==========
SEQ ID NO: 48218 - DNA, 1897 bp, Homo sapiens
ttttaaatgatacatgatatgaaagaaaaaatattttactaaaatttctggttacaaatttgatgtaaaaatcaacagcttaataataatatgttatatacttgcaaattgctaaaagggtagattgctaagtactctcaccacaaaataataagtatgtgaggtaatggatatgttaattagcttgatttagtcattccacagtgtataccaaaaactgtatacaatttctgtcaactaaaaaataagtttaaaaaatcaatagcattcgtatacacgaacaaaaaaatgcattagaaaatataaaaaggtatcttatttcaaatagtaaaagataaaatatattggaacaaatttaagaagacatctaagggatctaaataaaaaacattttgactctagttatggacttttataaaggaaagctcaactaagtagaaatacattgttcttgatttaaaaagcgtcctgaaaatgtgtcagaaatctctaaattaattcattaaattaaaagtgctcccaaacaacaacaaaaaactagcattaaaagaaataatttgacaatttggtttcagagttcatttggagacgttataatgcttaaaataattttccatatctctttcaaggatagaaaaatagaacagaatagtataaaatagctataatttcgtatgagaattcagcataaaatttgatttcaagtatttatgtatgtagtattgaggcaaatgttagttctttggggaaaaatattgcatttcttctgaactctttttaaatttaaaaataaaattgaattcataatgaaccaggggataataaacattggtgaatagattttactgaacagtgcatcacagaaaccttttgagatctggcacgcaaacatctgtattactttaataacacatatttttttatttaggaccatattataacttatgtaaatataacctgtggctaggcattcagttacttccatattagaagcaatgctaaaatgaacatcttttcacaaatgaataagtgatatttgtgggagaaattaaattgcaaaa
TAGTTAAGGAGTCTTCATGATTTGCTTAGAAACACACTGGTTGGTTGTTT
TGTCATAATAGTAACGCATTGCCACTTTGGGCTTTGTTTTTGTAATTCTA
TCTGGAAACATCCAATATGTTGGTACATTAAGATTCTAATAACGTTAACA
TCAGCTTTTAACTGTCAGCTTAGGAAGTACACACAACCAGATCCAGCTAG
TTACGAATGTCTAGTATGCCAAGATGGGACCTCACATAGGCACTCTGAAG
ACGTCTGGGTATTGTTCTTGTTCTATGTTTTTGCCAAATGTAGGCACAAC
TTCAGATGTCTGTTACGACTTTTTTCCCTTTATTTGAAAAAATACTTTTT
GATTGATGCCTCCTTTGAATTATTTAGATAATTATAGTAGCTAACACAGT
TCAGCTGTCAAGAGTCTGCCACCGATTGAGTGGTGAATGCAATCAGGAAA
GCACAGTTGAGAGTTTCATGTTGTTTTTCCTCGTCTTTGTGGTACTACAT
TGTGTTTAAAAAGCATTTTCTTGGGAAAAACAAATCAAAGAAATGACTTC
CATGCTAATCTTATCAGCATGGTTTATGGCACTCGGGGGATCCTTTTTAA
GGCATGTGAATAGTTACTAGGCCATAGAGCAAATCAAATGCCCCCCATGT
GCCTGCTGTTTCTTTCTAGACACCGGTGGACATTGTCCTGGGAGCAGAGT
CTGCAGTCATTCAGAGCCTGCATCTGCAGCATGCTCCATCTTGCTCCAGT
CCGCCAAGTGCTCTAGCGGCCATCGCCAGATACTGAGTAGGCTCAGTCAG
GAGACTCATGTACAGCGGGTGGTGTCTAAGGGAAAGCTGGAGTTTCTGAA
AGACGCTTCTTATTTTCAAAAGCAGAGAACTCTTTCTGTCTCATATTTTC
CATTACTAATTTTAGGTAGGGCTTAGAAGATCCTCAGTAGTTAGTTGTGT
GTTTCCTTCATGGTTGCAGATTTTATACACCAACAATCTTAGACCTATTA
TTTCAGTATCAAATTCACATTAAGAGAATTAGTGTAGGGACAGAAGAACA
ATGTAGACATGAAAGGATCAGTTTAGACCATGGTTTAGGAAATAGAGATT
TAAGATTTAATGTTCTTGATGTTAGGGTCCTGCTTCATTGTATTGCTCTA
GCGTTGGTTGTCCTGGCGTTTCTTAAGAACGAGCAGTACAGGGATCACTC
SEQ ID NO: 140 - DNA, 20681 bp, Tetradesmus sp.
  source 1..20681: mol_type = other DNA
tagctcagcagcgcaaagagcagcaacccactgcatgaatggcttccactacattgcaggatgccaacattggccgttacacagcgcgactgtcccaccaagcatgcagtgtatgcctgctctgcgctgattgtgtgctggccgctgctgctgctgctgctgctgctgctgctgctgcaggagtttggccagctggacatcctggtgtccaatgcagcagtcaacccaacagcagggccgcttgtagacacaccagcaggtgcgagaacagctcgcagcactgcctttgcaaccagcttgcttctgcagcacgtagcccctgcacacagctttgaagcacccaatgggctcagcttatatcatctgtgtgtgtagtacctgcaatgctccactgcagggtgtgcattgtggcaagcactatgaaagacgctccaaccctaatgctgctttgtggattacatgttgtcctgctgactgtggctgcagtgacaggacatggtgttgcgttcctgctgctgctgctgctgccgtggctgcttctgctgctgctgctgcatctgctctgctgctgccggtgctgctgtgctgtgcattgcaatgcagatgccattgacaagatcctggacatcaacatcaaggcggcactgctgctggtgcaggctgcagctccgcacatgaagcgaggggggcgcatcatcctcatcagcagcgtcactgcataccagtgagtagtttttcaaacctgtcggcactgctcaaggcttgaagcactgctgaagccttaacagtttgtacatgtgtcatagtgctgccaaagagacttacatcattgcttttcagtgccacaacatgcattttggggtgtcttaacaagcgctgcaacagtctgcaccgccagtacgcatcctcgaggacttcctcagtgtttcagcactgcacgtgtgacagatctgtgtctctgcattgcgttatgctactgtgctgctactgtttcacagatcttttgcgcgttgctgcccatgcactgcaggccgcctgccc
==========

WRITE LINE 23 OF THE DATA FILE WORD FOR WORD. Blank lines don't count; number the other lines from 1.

TTTCAGTATCAAATTCACATTAAGAGAATTAGTGTAGGGACAGAAGAACA